I live, work and play in Alberta’s Rocky Mountains, but it’s the Prairies that sing to me of home. I was born and raised just two hours east of Edmonton, so taking in a flowing field of brilliant sun-soaked canola rolling open under an endless bluebird sky is like a tonic for my restless globetrotting soul.
Elk Island National Park, 194 square kilometres of prairie paradise, is a scant 45-minute drive east of Edmonton’s downtown urban matrix; an ecological oasis just off the Yellowhead Highway. The grand mix of rolling boreal forest, aspen parkland, sedge meadows, lakes and wetlands that contains and sustains a jaw-dropping 3,000 grazing mammals (second only in density to Africa’s Serengeti), and more than 250 species of birds, is ranked eighth in the world by National Geographic magazine for “best wildlife viewing” and provides a welcome wild sanctuary from the big city nearby.
On a recent drive across the province, I stopped there with my two young children to relieve them from their car seats and, I’ll admit, relieve me from the screeching that had, by hour five in the car, reached fever pitch. It was enough for me to step out of the car and smell the sweetness of fall, to hear the leaves crinkling underfoot and to let the memories of so many long-ago weekends of camping, hiking, canoeing and picnicking in the park flood back. Not so for my wee ones. They wanted – no, needed – to run, explore, see things, poke things and breathe the air, so off we went to discover Elk Island through the eyes of four- and 1½-year-olds. Here are our Top 5 ways to enjoy one of Canada’s most magnificent gems of a park.
1) Safari Alberta-style
Before clambering out of the car, we took a right turn after the park entrance and drove a one-kilometre twisting loop of open prairie scrub and grassland designed for optimal viewing of where the buffalo, er, bison, roam. Elk Island is Canada’s only fully fenced national park, giving the bison free rein to wander to their heart’s content, and have a little fun surprising unsuspecting visitors. It is not uncommon to be hiking along a trail, turn a corner and come face to face with an enormous shaggy brown beast. While not quite as disconcerting as perhaps a cougar or bear encounter, I was nonetheless relieved to have a few layers of steel and window between the bison and my brood. As the ungulates heaved and chuffed past the car outside, the silence on the inside of the car was heavenly. For the first time in hours, my kids were speechless and silent, mouths agape and eyes wide with awe. Their expressions of wonder at the minivan-size mammals meandering by was worth the trip.
2) Take a hike
The possibilities are endless and the routes amazing, but if you want to hold the attention of little people, I’ve learned it’s best to stick to short walks they can actively engage in and enjoy. One of 11 self-guided trails in the park, the Living Waters boardwalk trail is a 300-metre floating boardwalk alongside and off the shores of Astotin Lake. Interpretive signs every few metres that highlight the wilderness and the water below were a big hit with my four-year-old, while lying on the boardwalk and dipping her hand, indeed entire arm, into the water was the highlight for my toddler.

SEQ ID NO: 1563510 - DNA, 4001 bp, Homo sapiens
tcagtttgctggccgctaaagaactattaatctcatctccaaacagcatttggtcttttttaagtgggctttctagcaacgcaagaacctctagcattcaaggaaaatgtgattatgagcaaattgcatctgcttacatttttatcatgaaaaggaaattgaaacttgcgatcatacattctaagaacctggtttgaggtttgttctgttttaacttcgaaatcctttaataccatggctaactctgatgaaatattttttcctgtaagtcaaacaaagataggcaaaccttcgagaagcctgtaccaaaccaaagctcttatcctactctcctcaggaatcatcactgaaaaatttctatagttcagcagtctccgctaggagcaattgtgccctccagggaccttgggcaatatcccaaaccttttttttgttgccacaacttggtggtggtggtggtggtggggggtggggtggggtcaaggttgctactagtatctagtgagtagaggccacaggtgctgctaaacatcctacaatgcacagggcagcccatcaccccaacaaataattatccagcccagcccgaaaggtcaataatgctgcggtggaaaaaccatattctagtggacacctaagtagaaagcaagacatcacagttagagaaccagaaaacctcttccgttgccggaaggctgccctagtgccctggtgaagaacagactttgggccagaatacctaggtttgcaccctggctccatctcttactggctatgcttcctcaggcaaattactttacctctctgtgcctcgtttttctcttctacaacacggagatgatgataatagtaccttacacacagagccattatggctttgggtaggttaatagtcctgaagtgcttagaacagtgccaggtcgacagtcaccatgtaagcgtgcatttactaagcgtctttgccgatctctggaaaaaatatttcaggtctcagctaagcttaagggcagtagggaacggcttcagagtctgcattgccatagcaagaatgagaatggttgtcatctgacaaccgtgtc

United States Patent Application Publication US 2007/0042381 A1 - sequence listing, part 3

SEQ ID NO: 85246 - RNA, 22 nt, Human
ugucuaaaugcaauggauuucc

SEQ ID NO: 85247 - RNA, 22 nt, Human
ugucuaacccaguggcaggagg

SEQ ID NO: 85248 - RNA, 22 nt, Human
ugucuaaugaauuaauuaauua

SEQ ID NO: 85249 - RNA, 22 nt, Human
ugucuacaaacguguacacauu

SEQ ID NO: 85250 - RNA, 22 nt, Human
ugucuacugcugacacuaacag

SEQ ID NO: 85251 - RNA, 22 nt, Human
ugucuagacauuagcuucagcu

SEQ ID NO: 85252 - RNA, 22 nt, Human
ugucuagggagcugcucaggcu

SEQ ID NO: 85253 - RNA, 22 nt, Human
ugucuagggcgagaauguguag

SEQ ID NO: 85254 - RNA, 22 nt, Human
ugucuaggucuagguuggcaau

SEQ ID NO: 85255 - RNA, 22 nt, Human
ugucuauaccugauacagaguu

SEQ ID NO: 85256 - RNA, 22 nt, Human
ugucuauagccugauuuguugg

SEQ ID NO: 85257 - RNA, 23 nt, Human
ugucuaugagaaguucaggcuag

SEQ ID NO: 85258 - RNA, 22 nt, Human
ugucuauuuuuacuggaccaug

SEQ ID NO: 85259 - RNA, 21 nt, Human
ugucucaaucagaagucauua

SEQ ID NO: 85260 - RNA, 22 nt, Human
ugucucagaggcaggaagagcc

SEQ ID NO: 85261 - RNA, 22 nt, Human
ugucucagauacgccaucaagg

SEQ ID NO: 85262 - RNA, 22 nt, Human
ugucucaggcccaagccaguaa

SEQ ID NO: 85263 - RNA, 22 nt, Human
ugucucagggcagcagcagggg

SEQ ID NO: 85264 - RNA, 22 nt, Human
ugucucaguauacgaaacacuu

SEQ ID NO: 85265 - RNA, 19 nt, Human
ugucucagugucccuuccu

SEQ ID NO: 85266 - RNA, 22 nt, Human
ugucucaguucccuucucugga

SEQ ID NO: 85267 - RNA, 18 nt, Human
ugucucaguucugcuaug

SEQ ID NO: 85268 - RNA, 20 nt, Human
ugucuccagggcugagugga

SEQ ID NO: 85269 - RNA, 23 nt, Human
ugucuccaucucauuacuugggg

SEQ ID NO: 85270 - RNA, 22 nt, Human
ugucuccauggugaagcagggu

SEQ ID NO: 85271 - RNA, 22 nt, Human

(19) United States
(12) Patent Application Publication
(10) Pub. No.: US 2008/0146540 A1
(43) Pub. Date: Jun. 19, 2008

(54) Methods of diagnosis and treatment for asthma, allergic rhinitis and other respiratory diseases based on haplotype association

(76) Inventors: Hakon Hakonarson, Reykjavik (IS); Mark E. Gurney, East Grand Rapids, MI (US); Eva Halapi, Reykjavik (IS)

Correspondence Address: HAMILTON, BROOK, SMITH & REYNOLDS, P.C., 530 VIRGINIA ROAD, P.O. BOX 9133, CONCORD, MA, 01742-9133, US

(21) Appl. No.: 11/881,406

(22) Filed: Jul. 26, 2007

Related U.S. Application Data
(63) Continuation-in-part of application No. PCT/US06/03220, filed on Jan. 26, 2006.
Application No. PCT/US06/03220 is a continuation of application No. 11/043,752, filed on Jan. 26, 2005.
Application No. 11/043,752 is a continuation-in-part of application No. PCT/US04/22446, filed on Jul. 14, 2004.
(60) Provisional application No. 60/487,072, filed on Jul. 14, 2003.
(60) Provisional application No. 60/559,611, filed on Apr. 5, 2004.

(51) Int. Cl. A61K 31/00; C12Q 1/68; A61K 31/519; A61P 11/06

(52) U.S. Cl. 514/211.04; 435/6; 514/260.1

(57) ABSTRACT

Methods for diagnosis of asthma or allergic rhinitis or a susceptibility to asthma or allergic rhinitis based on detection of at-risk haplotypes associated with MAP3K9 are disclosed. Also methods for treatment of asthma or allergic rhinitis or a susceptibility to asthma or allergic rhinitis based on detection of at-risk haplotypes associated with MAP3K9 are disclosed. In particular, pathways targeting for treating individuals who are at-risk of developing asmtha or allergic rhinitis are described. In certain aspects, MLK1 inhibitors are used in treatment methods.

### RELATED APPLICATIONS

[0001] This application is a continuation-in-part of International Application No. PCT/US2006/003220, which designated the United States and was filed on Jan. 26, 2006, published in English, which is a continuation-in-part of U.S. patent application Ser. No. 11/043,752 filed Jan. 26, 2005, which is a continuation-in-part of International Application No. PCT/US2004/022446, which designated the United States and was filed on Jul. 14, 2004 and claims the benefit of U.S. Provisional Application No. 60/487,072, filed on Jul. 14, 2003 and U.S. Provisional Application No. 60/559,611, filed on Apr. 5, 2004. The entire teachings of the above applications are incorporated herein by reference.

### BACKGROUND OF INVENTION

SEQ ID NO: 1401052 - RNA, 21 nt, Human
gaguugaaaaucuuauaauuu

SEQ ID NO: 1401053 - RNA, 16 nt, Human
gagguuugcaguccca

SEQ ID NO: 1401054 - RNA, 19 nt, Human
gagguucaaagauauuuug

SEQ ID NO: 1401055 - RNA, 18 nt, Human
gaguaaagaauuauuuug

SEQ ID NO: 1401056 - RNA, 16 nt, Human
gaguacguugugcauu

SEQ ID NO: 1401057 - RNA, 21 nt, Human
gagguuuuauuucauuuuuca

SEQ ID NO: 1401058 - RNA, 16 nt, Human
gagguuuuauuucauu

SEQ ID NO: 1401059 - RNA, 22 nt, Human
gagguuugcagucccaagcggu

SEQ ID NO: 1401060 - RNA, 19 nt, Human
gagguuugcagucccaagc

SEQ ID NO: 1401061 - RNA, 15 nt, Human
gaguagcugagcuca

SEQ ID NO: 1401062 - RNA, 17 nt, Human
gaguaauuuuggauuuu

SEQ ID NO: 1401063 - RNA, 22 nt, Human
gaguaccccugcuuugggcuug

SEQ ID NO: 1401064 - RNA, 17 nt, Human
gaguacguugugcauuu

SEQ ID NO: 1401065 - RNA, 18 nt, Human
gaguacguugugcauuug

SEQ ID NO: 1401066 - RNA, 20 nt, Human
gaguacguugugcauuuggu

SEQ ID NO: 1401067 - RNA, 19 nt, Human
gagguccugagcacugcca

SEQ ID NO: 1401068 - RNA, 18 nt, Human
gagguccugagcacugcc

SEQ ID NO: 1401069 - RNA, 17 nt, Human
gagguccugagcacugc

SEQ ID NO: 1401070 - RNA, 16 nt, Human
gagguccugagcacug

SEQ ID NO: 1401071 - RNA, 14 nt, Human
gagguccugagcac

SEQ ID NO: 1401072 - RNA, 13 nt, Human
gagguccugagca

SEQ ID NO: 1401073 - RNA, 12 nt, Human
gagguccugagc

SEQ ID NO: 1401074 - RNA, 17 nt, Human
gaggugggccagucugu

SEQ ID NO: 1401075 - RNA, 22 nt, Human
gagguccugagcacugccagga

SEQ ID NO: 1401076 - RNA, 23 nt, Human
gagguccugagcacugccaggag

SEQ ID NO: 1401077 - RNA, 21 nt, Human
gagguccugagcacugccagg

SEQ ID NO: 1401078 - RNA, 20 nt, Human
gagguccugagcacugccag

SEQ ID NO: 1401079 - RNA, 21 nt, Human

3) Hug a tree
Easily convincing the kids that a furry little buck-toothed mammal sighting was worthwhile, we set off on another hike, this time down the aptly named Beaver Pond Trail. Beavers were reintroduced to the park after centuries of overtrapping and today more than 1,000 live here. While we never saw the real thing up close, we did spot plenty of lodges and chewed stumps. Explaining wildlife quirks is much more successful with props I’ve found, and stopping to touch downed stumps provided a great teachable moment, while a quick trip through the Astotin Lake Theatre afterward gave us a chance to pet, prod and pull the tail of a stuffed version of Canada’s national animal.
4) Hit the beach
While Elk Island park plays host to a number of lakes, the beach at Astotin Lake is the big draw. Swimming in September was out of the question, but frolicking in the sand was great fun and a fantastic opportunity to marvel at some of the species of migratory birds heading by to a warmer locale. Watching two enormous bison trundle past the nearby playground enhanced the experience considerably.
5) Go for a ski
I didn’t go for a ski that day with kids in tow, but I’ve spent many long hours schussing here. The cross-country community calls the park’s trails “old school,” meaning, in a word, fun. Throwing on the boards and setting out on any one of the numerous trails on a crisp midwinter morning is hard to beat. The trails are the polar opposite of the concrete-hard snow highways that dominate Nordic ski destinations now. At Elk Island, they shoot down narrow grooves, wind through the woods and threaten to wrap you around an aspen at any given moment. Throw in a potential bison encounter and suddenly your adrenalin levels are rocketing.
Special to The Globe and Mail